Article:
You might have already heard about Sergeant First Class Michael McClendon. If not, then what you need to know is that he served, until very recently, as a training officer at West Point. He is accused of secretly recording or taking pictures of female cadets in various states of undress. When the allegations surfaced, McClendon was transferred to Fort Drum. The case is getting a lot of attention right now as politicians are in the midst of raging against sexual abuse in the military.

What no one seems to be asking is whether or not McClendon is actually guilty. Yes, there are pictures and videotapes. How do we know that they were not taken with the permission of the cadets? We live in an age when young women allow men to take naked pictures of them all the time. Is it possible that’s what happened here? Is it possible that the women are now only claiming to not have consented to avoid reprimands?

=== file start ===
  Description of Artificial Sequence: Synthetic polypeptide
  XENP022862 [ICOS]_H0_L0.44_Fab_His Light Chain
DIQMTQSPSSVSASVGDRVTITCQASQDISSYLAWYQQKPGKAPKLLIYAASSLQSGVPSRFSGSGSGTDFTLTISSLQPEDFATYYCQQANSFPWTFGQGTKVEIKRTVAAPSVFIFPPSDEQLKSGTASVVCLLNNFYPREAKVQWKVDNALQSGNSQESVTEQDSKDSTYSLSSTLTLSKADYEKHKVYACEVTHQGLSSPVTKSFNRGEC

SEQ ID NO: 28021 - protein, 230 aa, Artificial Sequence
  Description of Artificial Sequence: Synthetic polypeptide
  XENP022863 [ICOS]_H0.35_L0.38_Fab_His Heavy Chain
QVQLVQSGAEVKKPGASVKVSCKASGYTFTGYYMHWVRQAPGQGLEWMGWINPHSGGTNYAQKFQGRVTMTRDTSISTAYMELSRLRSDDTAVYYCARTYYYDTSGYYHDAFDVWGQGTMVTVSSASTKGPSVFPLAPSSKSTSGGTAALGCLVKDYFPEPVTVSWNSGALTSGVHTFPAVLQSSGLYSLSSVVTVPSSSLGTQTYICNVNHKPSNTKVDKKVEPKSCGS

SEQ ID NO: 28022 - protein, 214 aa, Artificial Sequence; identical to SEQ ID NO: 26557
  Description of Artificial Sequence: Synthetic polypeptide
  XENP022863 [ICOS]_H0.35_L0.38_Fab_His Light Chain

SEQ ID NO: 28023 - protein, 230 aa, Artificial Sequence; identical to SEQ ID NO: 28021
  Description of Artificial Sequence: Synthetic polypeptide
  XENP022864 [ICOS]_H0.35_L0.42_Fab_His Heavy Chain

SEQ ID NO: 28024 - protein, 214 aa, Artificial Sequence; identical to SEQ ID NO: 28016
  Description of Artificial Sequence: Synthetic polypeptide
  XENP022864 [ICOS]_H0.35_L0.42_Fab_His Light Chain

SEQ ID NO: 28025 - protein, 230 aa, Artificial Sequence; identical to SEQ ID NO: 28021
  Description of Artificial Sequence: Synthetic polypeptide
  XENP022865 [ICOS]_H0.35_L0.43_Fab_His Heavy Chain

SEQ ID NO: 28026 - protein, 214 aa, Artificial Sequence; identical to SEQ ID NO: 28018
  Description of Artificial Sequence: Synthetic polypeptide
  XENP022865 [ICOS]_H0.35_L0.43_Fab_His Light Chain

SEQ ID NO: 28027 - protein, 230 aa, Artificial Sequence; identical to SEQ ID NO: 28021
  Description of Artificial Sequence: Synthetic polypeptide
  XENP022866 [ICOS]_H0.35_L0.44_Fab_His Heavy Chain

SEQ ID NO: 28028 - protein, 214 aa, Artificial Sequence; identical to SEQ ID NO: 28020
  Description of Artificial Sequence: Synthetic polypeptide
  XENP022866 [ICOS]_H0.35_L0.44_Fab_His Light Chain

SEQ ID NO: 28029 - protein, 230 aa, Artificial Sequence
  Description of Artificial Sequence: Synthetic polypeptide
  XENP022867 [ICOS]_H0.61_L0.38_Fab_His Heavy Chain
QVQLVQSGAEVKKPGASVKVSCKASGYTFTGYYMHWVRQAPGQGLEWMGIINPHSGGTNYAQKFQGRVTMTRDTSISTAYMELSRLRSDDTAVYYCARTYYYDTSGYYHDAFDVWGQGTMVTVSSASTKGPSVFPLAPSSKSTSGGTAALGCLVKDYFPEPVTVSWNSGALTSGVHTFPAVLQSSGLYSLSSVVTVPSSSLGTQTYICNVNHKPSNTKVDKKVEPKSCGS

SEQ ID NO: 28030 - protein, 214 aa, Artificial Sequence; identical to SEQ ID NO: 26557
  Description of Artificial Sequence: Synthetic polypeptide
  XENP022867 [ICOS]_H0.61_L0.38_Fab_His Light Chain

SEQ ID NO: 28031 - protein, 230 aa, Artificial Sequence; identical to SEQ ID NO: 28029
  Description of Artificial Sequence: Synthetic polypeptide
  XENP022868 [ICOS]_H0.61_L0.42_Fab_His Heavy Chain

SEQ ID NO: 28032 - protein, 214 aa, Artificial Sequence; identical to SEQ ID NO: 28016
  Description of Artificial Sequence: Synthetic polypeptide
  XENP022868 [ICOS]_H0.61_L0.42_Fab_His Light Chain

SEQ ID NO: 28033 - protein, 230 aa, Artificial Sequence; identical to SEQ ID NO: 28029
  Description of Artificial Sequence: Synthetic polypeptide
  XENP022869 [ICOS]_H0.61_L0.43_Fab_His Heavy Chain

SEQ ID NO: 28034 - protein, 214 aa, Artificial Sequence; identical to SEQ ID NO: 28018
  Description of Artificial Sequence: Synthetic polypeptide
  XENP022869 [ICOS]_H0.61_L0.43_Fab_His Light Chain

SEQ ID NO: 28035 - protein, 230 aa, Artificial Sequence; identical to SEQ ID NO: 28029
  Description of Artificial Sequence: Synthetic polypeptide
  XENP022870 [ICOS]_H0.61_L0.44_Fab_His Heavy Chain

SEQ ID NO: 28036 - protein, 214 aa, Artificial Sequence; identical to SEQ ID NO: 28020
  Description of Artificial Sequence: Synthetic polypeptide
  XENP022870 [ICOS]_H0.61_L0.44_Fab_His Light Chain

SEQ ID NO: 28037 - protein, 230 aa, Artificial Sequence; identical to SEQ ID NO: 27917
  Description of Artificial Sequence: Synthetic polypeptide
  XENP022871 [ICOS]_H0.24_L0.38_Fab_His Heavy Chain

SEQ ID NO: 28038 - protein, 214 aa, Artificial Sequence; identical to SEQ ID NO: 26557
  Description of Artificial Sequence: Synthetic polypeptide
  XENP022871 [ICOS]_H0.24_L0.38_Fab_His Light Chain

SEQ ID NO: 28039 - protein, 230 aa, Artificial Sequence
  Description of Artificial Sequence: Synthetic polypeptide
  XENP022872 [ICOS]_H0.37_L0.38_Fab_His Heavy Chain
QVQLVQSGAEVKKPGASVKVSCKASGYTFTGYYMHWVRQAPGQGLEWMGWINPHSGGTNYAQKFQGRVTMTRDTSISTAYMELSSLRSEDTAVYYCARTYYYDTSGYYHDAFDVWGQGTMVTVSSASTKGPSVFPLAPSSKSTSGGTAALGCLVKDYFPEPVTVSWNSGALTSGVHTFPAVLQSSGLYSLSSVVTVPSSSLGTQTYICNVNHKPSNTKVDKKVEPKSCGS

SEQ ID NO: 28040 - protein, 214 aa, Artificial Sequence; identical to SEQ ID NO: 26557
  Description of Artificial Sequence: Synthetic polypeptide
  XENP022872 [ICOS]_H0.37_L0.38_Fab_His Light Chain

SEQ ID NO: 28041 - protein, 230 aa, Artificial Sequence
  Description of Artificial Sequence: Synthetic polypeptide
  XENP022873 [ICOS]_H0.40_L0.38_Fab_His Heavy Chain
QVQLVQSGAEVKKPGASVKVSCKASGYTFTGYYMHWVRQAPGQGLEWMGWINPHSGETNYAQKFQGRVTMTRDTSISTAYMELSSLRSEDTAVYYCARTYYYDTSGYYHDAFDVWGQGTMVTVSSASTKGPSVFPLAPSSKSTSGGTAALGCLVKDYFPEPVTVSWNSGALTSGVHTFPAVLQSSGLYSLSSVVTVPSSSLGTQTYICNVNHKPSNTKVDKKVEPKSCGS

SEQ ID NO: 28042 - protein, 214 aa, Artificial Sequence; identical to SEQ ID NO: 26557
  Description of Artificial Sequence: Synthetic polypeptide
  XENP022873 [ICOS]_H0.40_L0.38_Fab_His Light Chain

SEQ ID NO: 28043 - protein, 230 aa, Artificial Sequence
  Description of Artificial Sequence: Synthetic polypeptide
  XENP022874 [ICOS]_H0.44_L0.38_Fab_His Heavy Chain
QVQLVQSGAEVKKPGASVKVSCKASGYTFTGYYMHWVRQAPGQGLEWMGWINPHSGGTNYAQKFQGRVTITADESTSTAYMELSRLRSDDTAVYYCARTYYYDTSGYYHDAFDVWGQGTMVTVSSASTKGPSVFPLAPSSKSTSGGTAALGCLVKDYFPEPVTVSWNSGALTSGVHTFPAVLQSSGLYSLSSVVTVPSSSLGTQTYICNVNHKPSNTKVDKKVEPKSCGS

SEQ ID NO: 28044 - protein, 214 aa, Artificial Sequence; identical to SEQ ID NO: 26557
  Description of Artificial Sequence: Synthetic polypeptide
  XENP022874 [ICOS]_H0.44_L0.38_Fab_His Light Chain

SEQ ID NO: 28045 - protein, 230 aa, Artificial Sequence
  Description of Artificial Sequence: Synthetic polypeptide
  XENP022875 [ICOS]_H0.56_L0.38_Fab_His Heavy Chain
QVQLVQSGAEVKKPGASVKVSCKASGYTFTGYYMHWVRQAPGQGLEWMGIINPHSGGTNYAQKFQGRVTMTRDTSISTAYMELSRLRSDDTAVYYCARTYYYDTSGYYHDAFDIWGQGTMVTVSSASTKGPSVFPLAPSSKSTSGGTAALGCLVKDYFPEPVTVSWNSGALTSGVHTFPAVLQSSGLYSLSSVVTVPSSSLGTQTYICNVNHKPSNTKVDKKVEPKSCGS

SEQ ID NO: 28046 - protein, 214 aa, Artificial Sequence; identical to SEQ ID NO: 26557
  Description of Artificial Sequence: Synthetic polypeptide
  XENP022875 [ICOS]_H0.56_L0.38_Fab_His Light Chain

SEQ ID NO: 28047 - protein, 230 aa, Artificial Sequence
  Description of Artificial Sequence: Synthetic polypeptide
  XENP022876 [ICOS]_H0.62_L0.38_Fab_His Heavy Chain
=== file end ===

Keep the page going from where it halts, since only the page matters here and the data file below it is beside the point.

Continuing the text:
The truth is that we don’t know. We have to leave it up to the Army to investigate. For its part, the Army states, “Once officials received word of the alleged privacy violations, a full investigation was opened, followed by ‘swift action’ to correct the problem.” The problem is that we know from experience that you can’t have both swift action and a full investigation. A full investigation takes time, time that you don’t have when you take swift action.